Jacklyn's Back

euo:

“I hope that when the world comes to an end, I can breathe a sigh of relief, because there will be so much to look forward to.”
Donnie Darko (2001) dir. Richard Kelly

euo:

I hope that when the world comes to an end, I can breathe a sigh of relief, because there will be so much to look forward to.”

Donnie Darko (2001) dir. Richard Kelly

(via abcdemilee)

— 1 day ago with 45555 notes
shutterclickmemories:

St. Giles’ Cathedral
Edinburgh, Scotland

shutterclickmemories:

St. Giles’ Cathedral

Edinburgh, Scotland

— 2 days ago with 35 notes
shutterclickmemories:

Patterns of St. Giles’ Cathedral
Edinburgh, Scotland

shutterclickmemories:

Patterns of St. Giles’ Cathedral

Edinburgh, Scotland

— 2 days ago with 4 notes

radimus-co-uk:

enochliew:

Pocket Printer by Zuta Labs

Not only a portable design, but able to print on any size page.

it finally feels like 2014

Want

(Source: Engadget, via usagi-tsukino)

— 3 days ago with 115531 notes
astronomypictureoftheday:

 Sharpless 308: Star BubbleBlown by fast winds from a hot, massive star, this cosmic bubble is huge. Cataloged as Sharpless 2-308 it lies some 5,200 light-years away toward the constellation of the Big Dog (Canis Major) and covers slightly more of the sky than a Full Moon. That corresponds to a diameter of 60 light-years at its estimated distance. The massive star that created the bubble, a Wolf-Rayet star, is the bright one near the center of the nebula. Wolf-Rayet stars have over 20 times the mass of the Sun and are thought to be in a brief, pre-supernova phase of massive star evolution. Fast winds from this Wolf-Rayet star create the bubble-shaped nebula as they sweep up slower moving material from an earlier phase of evolution. The windblown nebula has an age of about 70,000 years. Relatively faint emission captured in the expansive image is dominated by the glow of ionized oxygen atoms mapped to violet hues. Image Credit & Copyright:  Jeff Husted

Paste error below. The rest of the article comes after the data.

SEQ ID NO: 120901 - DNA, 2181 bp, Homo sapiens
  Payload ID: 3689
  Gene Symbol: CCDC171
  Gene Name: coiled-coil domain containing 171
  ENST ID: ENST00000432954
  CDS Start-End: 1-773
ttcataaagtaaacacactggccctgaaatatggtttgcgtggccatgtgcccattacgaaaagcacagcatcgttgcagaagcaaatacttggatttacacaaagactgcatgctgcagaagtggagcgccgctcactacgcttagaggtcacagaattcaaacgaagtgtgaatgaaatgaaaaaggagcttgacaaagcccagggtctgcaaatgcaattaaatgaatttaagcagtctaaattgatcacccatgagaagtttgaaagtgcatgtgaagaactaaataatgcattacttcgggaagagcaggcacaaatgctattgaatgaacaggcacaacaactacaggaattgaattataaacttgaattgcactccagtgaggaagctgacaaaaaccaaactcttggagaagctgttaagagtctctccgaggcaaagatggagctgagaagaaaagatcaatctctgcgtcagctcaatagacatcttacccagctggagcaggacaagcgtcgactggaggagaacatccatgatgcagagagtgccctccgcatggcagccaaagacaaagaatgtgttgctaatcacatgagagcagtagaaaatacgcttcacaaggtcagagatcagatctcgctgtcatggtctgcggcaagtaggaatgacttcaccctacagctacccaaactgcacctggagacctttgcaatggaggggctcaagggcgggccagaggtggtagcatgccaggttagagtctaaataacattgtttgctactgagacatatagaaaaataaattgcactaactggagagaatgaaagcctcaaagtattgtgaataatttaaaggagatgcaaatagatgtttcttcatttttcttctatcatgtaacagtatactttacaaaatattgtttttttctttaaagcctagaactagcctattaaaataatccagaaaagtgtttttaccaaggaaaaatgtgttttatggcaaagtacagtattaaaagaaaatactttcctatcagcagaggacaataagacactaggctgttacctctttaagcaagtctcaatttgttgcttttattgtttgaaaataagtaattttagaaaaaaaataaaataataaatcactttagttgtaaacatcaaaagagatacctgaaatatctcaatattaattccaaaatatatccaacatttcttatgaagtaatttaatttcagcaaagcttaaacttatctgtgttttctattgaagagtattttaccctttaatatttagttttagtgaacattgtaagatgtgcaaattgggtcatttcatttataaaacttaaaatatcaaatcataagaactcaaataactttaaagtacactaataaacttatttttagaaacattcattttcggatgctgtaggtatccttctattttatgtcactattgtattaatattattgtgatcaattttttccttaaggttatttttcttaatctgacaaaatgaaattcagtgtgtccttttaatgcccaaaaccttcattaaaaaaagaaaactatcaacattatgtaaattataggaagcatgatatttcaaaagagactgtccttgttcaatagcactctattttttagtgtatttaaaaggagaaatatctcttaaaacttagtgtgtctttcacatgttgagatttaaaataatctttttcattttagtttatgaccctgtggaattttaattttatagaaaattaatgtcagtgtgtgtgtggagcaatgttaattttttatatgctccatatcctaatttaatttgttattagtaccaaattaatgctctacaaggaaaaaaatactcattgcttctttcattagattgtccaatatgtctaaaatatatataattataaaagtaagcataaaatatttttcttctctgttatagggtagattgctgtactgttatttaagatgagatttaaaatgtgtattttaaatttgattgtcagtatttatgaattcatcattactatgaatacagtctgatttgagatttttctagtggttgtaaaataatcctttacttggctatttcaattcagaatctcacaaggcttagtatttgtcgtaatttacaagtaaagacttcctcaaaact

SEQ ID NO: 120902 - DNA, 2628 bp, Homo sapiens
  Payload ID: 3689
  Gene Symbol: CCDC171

astronomypictureoftheday:

Sharpless 308: Star Bubble

Blown by fast winds from a hot, massive star, this cosmic bubble is huge. Cataloged as Sharpless 2-308 it lies some 5,200 light-years away toward the constellation of the Big Dog (Canis Major) and covers slightly more of the sky than a Full Moon. That corresponds to a diameter of 60 light-years at its estimated distance. The massive star that created the bubble, a Wolf-Rayet star, is the bright one near the center of the nebula. Wolf-Rayet stars have over 20 times the mass of the Sun and are thought to be in a brief, pre-supernova phase of massive star evolution. Fast winds from this Wolf-Rayet star create the bubble-shaped nebula as they sweep up slower moving material from an earlier phase of evolution. The windblown nebula has an age of about 70,000 years. Relatively faint emission captured in the expansive image is dominated by the glow of ionized oxygen atoms mapped to violet hues.

Image Credit & Copyright: Jeff Husted

— 3 days ago with 217 notes